“’I never get to do anything fun!’ Little Rabbit yelled. ‘It’s not fair! You’re so mean! I’m…It’s…You’re…’ But he was too angry to continue.”

Left pouting in his room, Little Rabbit decides to take drastic measures. He climbs out his playroom window and runs away to join the circus. But before he’ll take Little Rabbit on, the ringmaster wants to know what sort of act he can bring to the table.

“’Well,’ said Little Rabbit, ‘I have the Meanest Mother on Earth.’”

The ringmaster tells him if he can sell 100 tickets to see this horrific mother, Little Rabbit will be included in the evening’s show. With promises of a punishment-plotting, two-headed, green-toothed, tail-eating monster, Little Rabbit draws a big crowd. But when the spotlight shines on Mother Rabbit, the crowd feels short-changed and their anger mounts.


Mother Rabbit saves the day when she promises them an even more terrifying act: The Messiest Room on Earth. The crowd follows them home, where it is properly stunned by Little Rabbit’s rank room. Before leaving, the visitors are invited to take a souvenir or two from the mess, and when the last leave, Little Rabbit finally has his clean room and a greater understanding of just how lucky he his to have a mom like his.
sistersketch“Little Rabbit and the Messiest Room on Earth” was written and illustrated by the sister team of Kate Klise and M. Sarah Klise who say they “spent many hours as children avoiding the loathsome task of cleaning their room” but make note in their bio that their mother, Marjorie Klise, is actually “the nicest (and smartest) mother on Earth.”


Their story walks the humorous balance of sympathizing with a child’s frustrations but also smirking at that child’s tendency to cast his mother as “the meanest” over the smallest disputes. I believe I was most recently compared to an “evil stepmom” when I asked my second born to put her shoes away.


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Where’s Mommy?” written by Beverly Donofrio and illustrated by Barbara McClintock.

We received this book as a gift from a friend with excellent taste in children’s books (is their anything better you can ask for in a friend?), and it has remained one of my all-time favorites ever since.

“Where’s Mommy?” introduces us to Mary and Mouse Mouse, a little girl and the juvenile mouse that lives below her family’s floorboards. The two are fast friends, but they can’t tell a soul, because:

“If Maria’s parents knew there were mice in the house, they’d get a cat. And if Mouse Mouse’s parents knew their daughter was friends with a human, they’d flee to a hole in the ground.”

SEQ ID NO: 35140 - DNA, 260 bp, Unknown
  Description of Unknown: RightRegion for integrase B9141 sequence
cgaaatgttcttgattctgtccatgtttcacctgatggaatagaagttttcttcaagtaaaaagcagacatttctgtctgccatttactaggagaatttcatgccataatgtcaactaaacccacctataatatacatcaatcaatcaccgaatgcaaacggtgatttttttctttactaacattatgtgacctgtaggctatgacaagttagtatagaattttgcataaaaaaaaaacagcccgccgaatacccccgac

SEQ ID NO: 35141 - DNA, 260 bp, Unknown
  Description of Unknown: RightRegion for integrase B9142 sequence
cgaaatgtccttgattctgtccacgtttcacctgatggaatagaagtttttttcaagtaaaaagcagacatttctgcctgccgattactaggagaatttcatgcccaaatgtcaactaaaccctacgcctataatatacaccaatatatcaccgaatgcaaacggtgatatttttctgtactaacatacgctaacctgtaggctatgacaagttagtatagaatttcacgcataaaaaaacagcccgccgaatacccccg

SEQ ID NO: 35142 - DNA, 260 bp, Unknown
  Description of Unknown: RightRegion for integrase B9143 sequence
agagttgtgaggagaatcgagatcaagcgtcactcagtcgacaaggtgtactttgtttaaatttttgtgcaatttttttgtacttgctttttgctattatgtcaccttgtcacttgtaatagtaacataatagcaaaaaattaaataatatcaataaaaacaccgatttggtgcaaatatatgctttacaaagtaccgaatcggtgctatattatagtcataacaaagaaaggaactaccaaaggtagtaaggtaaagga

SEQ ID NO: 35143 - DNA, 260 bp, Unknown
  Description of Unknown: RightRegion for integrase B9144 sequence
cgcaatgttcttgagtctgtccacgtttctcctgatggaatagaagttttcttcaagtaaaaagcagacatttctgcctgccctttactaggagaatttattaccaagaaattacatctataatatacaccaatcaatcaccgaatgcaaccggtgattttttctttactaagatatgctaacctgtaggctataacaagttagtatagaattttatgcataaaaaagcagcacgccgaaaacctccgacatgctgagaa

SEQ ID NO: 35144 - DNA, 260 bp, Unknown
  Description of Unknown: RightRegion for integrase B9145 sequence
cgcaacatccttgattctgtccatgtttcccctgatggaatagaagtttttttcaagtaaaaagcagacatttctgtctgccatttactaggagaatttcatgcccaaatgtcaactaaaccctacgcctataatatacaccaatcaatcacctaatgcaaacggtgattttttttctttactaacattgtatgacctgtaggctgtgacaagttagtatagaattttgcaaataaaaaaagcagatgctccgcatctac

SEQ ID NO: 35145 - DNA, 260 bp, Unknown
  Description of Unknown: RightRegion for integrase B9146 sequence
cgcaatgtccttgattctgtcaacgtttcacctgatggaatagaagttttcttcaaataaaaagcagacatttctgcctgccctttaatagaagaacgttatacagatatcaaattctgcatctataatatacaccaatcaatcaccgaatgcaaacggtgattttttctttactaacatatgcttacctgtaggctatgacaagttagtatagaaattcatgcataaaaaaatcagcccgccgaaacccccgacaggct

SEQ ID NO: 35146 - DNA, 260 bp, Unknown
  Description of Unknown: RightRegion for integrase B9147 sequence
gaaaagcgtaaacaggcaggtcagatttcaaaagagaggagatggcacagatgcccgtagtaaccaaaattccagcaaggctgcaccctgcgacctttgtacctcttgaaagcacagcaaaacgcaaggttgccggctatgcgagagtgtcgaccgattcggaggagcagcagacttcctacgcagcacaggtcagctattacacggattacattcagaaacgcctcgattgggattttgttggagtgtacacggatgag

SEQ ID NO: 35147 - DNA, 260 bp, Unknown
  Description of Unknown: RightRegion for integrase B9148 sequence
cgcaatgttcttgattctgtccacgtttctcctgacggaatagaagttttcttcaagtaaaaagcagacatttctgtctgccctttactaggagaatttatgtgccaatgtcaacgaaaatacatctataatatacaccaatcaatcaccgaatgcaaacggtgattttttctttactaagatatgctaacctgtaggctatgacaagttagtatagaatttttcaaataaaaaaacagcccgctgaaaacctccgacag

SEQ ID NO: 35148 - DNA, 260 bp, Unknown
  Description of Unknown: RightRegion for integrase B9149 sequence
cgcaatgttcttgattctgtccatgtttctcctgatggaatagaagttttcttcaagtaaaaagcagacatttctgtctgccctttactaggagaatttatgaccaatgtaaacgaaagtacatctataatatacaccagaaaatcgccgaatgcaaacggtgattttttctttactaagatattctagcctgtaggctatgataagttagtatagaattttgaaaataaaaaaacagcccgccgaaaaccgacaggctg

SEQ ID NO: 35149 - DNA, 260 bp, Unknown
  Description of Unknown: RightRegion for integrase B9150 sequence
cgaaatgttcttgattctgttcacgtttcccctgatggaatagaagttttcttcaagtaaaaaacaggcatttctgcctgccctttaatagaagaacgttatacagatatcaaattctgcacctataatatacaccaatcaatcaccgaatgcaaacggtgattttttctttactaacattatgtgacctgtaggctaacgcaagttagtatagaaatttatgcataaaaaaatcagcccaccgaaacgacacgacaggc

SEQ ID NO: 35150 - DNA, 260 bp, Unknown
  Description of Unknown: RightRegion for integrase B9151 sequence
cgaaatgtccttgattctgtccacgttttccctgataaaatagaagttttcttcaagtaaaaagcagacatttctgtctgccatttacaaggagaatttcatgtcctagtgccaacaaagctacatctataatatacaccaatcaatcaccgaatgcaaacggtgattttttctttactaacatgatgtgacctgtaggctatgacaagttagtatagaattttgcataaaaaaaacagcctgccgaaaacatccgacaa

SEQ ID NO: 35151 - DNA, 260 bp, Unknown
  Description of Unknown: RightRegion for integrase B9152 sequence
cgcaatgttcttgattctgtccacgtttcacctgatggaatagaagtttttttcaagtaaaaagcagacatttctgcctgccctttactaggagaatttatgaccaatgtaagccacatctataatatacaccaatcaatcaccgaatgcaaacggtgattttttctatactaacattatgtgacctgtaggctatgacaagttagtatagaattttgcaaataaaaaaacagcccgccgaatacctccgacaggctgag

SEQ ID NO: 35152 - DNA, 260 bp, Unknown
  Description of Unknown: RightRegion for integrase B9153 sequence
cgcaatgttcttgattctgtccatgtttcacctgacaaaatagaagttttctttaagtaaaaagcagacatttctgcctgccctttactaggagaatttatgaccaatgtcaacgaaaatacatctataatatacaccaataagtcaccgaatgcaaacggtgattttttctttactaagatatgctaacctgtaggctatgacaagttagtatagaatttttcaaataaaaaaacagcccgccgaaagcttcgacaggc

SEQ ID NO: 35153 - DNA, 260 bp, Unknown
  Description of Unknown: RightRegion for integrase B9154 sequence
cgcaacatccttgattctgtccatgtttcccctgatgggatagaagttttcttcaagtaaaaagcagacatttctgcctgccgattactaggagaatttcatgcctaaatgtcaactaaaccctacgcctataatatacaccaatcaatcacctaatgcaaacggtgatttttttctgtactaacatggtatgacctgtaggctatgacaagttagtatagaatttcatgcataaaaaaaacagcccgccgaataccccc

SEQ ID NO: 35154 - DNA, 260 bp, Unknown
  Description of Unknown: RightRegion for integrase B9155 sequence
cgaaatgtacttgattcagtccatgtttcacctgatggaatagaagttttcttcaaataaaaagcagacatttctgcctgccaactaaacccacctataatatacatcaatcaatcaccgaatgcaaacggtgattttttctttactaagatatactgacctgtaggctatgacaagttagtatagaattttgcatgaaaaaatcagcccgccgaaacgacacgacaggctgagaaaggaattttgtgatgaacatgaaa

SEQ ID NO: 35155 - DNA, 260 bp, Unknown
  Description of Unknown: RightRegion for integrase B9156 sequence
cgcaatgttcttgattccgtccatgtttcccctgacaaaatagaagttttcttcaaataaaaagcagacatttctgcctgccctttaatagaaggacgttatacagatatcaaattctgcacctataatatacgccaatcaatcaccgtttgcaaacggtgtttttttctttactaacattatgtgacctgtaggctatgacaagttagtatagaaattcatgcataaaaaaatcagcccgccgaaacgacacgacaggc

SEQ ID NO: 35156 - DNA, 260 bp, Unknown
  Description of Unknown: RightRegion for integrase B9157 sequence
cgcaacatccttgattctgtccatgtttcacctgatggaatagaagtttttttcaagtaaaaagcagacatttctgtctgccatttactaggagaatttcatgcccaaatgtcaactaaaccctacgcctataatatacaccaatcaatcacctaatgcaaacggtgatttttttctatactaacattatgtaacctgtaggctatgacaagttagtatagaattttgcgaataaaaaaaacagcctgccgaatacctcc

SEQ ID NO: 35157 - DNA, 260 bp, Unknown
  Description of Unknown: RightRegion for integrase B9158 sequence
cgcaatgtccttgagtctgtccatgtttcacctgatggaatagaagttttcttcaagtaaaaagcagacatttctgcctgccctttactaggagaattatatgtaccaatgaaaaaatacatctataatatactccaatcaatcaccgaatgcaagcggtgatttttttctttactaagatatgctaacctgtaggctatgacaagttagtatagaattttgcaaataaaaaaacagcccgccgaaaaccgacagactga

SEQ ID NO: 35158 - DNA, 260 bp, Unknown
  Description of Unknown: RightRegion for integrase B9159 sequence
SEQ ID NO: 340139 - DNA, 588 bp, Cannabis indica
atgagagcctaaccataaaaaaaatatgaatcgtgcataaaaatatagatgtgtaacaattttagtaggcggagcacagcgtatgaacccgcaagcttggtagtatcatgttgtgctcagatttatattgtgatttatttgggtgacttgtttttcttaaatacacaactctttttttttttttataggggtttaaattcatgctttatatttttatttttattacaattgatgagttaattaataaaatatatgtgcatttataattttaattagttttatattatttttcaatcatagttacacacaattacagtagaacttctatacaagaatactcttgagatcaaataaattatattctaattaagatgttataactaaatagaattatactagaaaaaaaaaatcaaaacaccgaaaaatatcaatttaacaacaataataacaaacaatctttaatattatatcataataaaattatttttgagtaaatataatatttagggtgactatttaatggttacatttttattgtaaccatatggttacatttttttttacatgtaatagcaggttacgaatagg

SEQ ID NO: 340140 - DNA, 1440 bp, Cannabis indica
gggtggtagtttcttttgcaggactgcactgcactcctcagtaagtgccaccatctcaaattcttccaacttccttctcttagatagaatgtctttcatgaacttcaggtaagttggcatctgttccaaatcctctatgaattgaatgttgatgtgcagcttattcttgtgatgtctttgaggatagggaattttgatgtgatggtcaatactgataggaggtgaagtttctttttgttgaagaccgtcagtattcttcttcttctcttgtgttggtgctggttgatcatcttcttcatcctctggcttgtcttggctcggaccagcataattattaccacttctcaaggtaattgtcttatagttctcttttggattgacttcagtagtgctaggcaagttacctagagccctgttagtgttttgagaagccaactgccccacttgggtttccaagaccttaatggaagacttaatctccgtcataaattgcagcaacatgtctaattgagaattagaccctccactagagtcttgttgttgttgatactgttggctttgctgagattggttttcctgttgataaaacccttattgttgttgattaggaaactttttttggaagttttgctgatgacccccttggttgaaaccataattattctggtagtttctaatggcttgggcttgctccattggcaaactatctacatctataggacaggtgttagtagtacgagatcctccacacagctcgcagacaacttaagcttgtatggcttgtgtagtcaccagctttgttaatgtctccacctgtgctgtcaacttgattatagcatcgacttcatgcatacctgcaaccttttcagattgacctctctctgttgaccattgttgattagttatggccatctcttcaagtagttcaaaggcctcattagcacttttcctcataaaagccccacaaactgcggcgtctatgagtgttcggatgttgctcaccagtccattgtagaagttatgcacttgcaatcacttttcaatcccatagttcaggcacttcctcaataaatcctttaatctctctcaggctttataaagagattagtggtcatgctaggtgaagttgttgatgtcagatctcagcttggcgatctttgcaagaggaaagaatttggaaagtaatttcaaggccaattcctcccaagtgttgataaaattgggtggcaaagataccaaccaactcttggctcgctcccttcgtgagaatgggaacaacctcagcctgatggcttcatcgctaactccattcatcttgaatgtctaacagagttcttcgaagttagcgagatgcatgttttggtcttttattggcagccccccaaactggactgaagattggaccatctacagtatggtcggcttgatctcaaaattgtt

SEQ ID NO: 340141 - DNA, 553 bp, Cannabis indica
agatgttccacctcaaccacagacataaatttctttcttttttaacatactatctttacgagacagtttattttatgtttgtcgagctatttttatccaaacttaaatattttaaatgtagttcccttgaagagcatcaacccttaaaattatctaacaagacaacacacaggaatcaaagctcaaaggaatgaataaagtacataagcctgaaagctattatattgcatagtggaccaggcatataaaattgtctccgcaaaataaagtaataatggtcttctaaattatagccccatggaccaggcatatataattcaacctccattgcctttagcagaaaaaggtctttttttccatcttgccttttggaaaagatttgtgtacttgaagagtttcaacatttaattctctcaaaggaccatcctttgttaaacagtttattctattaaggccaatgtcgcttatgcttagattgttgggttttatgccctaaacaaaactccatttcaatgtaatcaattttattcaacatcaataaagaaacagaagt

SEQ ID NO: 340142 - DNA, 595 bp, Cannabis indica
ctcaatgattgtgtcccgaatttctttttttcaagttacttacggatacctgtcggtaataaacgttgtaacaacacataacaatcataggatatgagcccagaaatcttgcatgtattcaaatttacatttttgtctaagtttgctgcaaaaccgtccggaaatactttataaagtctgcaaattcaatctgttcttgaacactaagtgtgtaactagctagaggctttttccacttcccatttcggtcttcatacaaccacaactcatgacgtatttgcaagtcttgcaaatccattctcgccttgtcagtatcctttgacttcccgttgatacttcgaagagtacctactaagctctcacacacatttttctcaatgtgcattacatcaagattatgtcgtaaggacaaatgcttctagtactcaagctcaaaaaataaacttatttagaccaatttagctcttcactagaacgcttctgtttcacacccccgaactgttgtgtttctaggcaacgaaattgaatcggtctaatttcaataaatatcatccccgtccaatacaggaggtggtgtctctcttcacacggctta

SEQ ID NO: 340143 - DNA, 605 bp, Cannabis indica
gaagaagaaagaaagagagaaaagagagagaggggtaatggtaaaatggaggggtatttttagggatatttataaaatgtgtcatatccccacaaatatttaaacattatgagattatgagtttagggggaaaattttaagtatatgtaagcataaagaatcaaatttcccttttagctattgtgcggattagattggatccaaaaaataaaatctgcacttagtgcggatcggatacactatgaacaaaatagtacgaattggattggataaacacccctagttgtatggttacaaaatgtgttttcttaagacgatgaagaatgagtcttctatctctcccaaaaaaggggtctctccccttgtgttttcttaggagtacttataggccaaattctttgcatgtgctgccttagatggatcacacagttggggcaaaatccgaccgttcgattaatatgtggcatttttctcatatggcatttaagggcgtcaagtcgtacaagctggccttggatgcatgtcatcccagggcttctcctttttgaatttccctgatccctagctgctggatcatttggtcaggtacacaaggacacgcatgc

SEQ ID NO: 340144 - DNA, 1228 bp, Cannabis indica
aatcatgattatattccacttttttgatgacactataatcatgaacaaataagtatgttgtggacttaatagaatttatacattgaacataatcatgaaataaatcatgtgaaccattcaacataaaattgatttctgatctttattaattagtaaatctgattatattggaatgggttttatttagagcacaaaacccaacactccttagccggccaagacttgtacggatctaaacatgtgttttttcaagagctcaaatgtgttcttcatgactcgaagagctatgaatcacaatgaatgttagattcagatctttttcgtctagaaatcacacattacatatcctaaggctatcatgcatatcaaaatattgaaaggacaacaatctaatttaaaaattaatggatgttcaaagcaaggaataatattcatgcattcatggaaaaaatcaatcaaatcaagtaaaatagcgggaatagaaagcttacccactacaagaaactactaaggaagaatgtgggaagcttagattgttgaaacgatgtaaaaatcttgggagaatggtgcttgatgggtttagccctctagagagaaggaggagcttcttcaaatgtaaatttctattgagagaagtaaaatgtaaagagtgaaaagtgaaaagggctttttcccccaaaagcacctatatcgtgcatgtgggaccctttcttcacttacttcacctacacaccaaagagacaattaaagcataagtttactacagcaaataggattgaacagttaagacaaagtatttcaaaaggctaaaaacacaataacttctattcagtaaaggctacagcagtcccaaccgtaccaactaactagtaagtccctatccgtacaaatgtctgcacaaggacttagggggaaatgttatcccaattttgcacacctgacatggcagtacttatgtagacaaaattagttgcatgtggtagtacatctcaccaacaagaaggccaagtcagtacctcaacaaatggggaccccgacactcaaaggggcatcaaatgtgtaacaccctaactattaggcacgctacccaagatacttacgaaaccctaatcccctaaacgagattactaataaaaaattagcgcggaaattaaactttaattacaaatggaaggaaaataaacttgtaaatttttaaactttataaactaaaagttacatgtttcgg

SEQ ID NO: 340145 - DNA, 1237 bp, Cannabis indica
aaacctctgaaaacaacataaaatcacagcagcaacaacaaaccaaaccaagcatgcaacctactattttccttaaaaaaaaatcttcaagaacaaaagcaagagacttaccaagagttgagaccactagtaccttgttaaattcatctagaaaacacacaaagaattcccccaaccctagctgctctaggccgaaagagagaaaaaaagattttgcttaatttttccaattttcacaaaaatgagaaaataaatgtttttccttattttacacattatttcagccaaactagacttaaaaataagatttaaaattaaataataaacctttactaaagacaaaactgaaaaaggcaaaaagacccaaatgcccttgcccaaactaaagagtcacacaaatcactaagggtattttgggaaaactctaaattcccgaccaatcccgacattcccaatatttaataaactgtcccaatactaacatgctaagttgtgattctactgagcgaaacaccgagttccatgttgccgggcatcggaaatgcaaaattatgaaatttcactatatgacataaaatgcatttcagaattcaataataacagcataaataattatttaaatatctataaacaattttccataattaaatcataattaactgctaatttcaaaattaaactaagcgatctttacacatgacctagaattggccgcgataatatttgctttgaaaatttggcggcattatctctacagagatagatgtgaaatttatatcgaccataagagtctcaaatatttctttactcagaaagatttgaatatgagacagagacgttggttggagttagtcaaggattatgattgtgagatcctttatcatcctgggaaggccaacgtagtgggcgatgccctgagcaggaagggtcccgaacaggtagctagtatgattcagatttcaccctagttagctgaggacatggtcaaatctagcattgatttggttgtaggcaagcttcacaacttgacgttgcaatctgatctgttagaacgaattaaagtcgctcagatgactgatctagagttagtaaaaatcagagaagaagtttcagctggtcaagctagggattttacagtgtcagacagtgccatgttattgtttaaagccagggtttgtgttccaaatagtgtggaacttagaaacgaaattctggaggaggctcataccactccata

Illustrator Barbara McClintock depicts their parallel worlds in fascinating detail—Mary’s family’s cozy mid-century modern, with quirky art, stuffed bookshelves, and scattered children’s toys; and Mouse-Mouse’s subterranean residence, cobbled together from cast-offs from the human world above, bringing to mind the beloved Borrowers: a flashlight for a floor lamp, a watch as a wall clock, and gummy bears standing in as playthings. This plethora of details is what I love most of about McClintock’s work and often leaves me wondering how much time must go into a fully-illustrated spread. The images are certain to captivate the child reader and they always leave something new to discover on subsequent readings.

Beverly Donofrio’s story follows Maria and Mouse Mouse one evening as each gets ready for bed, but can’t find their mothers when it’s time to say goodnight.


When neither gets an answer and their mothers fail to appear, the girls’ shouts intensify, and, before long, the halls are echoing with their voices. It’s funny, when our children are babies, we can’t wait to hear them say “mama” for the first time; but once they master it, they certainly learn how to abuse it.

They search the house, top to bottom; their fathers are of no help, and neither are their siblings. Just when they’re certain their mothers have disappeared, Maria and Mouse Mouse discover them in the backyard shed having a lovely chat together! It turns out that Maria and Mouse Mouse aren’t the only ones with a secret friendship.


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I was recently in New York to see my youngest sister Lindsay’s Master of Fine Arts thesis show. New York and I haven’t always gotten along—I once had a panic attack shopping on Fifth Avenue in December. So this time around, I was determined to find my happy place in the city with which I just haven’t yet made friends.